News7 December 2018Brussels, BelgiumAgriculture and Rural Development
EU agricultural outlook 2018-2030: Nitrogen pollution expected to drop
The level of nitrogen lost to water in the EU is projected to drop in the period leading up to 2030, which should have a positive impact on biodiversity. This was one of the primary takeaways from the EU agricultural outlook released 7 December 2018, which includes observations about the anticipated environmental and climatic impact of European agricultural markets for 2018 to 2030.
Most emissions in agriculture come – directly or indirectly – from animal production. In line with the report's projected decrease in EU livestock numbers by 2030, there is a corresponding drop in expected emissions. However higher crop production and manure application will to a large extent counterbalance this change. Greenhouse gas emissions are therefore expected to stay at the same level then in 2012. Despite this, there is an anticipated drop in the level of atmospheric ammonia across the whole EU, with emissions estimated to decrease by 9% by 2030.
The report anticipates a decrease in the amount of nitrogen lost to water in the EU, with projected figures suggesting a drop of 8% when compared to 2012. This change will be primarily driven by productivity gains in the dairy (with less manure produced) and crop sources. This will have a positive effect on plant biodiversity in the EU. The 2012 to 2030 period however should see a modest increase in the potential plant species, showing an increase of 2%.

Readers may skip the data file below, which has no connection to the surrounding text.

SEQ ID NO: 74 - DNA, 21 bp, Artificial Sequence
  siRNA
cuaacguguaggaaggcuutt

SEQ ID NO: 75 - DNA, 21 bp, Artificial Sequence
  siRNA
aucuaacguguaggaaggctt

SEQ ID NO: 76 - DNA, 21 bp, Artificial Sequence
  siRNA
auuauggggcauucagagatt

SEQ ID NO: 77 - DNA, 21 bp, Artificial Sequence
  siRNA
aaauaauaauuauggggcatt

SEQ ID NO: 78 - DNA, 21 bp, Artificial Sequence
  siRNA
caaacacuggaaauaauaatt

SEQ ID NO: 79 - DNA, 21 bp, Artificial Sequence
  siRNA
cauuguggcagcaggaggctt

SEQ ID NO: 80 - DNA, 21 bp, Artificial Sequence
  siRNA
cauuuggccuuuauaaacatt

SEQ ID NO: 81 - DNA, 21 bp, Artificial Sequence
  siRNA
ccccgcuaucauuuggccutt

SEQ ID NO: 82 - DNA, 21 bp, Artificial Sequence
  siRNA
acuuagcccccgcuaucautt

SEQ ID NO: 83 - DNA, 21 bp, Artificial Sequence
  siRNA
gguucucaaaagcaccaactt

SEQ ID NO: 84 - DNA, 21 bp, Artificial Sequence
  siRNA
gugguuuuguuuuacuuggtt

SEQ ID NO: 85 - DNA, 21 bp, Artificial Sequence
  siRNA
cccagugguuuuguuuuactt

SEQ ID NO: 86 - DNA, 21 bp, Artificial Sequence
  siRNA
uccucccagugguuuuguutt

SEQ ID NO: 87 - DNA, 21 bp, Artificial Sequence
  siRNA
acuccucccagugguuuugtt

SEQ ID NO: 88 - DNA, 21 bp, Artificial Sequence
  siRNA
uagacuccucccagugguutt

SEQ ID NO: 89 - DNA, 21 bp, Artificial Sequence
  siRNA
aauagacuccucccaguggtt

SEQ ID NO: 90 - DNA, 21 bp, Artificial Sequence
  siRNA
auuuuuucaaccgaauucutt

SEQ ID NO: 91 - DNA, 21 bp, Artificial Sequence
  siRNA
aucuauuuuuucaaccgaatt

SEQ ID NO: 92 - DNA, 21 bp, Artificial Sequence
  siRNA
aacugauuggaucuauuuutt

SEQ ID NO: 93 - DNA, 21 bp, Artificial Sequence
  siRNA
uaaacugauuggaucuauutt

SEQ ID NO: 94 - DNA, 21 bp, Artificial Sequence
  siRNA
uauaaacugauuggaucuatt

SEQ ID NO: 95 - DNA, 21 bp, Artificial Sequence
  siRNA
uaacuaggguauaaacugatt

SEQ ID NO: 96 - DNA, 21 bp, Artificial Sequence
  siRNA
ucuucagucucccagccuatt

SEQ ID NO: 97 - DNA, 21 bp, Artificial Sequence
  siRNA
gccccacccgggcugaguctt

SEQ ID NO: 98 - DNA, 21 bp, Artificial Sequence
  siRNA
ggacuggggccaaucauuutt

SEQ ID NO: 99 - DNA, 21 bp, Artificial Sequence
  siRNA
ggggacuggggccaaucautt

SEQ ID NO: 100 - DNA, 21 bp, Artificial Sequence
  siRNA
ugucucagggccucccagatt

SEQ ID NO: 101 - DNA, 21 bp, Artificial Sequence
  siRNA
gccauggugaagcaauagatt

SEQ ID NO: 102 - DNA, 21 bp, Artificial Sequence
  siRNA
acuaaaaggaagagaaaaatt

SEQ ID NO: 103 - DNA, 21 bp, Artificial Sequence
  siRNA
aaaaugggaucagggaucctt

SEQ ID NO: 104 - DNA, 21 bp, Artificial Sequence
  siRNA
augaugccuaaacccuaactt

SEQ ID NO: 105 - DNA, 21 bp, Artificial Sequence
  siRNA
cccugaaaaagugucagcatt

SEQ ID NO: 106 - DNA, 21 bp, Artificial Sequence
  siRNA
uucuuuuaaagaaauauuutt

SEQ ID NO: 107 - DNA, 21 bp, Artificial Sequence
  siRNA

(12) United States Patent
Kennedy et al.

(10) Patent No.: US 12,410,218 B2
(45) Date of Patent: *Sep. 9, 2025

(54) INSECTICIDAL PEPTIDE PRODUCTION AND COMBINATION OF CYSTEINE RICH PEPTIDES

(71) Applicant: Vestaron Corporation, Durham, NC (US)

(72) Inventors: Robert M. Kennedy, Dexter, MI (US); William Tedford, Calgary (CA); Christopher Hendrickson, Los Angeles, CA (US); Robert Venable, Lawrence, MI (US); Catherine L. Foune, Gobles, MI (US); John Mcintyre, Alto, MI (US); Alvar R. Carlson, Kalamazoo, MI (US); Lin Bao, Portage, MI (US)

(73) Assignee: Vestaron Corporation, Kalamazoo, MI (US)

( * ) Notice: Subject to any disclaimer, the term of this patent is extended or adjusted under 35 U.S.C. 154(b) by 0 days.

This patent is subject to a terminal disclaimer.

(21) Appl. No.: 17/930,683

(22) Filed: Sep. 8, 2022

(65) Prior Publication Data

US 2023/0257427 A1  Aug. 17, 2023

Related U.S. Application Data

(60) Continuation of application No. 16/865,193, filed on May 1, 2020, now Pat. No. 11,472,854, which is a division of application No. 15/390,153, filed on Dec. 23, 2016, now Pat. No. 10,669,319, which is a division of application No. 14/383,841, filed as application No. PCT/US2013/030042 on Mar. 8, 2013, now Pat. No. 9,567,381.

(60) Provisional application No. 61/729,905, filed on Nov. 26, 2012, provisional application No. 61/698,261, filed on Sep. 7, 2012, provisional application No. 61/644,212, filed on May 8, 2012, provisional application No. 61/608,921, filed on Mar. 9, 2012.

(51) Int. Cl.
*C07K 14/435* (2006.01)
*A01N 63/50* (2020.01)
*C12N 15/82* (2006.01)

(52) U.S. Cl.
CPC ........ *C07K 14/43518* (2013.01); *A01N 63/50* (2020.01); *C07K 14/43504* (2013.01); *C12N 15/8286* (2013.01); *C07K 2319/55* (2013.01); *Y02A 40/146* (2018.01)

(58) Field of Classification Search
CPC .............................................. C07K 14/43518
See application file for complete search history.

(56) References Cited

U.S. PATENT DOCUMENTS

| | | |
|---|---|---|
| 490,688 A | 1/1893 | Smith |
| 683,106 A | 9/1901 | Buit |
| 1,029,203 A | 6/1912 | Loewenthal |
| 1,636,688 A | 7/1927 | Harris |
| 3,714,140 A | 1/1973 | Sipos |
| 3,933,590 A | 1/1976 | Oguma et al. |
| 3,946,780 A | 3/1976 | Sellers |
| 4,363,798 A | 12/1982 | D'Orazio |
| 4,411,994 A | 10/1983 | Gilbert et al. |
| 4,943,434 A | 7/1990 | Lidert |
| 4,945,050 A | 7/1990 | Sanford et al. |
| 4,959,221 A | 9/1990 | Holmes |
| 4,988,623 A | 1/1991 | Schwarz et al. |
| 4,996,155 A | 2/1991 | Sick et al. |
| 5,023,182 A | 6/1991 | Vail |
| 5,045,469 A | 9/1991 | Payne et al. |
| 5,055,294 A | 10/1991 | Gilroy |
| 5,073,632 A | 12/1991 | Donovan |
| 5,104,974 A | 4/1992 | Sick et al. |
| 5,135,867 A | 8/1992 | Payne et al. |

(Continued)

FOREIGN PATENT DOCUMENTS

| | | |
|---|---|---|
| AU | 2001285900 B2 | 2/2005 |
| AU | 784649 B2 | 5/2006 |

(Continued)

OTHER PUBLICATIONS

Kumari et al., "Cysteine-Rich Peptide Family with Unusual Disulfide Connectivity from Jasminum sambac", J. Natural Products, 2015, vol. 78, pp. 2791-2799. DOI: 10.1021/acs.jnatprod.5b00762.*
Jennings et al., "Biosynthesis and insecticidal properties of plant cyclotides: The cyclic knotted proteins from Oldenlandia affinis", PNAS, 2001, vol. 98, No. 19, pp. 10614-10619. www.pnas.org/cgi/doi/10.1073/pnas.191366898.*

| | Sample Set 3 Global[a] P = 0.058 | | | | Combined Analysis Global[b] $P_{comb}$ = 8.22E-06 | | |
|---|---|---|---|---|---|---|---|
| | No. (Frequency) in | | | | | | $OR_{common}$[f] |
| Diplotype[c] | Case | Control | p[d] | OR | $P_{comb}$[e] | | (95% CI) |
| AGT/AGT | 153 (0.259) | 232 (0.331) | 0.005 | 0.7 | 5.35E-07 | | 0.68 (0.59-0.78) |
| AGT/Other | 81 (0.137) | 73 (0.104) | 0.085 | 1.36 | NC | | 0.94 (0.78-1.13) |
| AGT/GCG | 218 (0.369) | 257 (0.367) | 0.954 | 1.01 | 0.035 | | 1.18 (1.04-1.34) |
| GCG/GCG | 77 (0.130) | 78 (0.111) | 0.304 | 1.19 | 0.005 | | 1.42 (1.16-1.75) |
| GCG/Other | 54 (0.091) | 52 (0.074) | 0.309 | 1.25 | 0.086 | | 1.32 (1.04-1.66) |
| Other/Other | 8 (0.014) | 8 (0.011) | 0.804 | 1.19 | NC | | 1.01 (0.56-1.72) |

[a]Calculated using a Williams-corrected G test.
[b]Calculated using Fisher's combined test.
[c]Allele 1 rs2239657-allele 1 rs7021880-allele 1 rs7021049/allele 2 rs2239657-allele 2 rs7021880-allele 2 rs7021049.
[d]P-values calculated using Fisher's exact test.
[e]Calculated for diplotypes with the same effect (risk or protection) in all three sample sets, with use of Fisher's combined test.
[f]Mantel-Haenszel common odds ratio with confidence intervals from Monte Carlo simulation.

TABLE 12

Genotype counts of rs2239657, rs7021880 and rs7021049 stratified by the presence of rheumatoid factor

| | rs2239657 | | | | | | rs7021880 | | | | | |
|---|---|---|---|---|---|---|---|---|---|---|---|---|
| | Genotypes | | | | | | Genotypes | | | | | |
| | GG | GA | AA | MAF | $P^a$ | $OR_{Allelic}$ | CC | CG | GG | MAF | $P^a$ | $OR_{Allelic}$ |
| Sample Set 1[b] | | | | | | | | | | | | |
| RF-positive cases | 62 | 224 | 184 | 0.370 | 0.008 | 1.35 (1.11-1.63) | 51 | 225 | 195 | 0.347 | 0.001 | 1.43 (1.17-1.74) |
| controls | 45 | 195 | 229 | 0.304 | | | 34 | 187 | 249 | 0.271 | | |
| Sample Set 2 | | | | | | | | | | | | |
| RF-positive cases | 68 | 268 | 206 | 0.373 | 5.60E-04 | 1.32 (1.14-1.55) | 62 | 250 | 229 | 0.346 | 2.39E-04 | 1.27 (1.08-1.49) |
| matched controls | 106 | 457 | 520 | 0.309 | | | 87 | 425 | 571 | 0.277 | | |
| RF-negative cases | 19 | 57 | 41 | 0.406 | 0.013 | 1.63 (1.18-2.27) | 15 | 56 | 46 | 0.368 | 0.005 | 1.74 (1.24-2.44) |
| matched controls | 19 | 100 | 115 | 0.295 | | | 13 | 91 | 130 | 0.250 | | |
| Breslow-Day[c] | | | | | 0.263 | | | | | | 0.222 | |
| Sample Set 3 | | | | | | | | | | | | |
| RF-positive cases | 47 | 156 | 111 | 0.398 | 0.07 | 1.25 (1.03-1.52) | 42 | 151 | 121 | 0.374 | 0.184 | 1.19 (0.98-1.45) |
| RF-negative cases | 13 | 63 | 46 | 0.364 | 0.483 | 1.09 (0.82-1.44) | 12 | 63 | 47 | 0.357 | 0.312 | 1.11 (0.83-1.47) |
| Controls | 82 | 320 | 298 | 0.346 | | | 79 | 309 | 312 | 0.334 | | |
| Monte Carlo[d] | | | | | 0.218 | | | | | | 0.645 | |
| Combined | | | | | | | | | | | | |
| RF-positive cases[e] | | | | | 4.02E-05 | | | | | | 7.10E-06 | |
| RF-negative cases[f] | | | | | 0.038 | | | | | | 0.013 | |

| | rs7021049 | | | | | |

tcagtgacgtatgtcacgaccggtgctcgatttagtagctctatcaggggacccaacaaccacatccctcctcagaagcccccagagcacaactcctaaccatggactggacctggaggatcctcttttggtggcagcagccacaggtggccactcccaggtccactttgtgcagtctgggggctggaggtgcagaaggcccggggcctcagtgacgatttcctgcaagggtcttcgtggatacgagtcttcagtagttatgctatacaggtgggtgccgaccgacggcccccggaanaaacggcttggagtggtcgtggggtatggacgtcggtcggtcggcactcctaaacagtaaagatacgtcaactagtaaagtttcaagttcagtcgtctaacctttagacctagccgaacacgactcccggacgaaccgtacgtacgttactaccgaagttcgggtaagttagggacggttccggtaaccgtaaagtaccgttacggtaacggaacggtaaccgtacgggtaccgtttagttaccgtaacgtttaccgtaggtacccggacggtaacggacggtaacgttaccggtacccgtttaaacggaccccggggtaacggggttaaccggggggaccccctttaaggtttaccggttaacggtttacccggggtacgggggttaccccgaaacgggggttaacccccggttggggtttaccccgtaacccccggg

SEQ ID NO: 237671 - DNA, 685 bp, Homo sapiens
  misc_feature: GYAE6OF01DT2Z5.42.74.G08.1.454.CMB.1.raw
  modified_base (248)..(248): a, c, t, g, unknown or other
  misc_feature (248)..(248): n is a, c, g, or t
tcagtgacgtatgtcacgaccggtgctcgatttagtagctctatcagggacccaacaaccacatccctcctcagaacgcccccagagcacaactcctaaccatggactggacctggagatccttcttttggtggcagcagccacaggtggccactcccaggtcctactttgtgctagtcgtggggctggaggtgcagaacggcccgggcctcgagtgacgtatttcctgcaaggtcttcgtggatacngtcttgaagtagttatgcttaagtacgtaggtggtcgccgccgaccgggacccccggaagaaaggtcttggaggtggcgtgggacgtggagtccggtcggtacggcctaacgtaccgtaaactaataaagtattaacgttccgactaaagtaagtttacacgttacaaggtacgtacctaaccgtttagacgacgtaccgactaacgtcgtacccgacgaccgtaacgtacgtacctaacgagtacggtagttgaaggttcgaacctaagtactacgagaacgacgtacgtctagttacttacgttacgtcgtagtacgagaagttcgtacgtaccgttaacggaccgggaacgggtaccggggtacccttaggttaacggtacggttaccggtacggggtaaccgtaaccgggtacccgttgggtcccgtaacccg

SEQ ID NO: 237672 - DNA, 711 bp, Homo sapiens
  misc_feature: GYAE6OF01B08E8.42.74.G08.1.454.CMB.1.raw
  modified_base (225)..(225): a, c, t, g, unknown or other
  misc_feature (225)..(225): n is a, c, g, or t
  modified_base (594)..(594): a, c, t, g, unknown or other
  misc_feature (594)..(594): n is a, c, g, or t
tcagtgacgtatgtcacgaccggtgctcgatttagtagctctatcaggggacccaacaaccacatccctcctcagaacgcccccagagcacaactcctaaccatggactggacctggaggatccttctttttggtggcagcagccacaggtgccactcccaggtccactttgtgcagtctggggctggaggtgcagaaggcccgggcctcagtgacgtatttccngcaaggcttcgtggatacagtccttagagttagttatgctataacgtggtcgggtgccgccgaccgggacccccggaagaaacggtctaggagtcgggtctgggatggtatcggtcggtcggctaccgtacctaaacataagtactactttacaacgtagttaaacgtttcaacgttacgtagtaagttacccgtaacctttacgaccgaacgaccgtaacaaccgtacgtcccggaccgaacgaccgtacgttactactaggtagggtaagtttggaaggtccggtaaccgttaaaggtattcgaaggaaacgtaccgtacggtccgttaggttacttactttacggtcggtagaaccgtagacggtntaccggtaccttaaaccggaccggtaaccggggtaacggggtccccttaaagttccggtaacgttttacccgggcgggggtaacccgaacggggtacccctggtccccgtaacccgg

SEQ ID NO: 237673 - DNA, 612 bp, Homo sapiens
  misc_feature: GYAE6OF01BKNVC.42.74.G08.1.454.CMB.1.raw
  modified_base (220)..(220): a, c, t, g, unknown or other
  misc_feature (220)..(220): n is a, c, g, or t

EU agricultural non-CO2 GHG gas emissions sources in 2030 (million t CO2 equivalent)
Source: DG JRC, based on the 2018 CAPRI baseline
Soil erosion by water, the most significant land degradation process, is still likely to be higher than soil formation rates. These are unlikely to change significantly by 2030, as crop distribution in the EU is not expected to change significantly. However, the report notes that some EU countries that are particularly at risk of damaging soil erosion will see a decrease in the rate of decline with Greece exhibiting the most significant drop (11.2%) due to changes in crop types.
Further information and data can be found in the EU agricultural outlook report for 2018-2030, along with an outlook for EU agricultural markets such as arable crops, the meat and dairy sector, and the fruit and vegetables sector. The issue of the environmental impact of agriculture is also discussed during the EU agricultural outlook conference in Brussels on 07 December.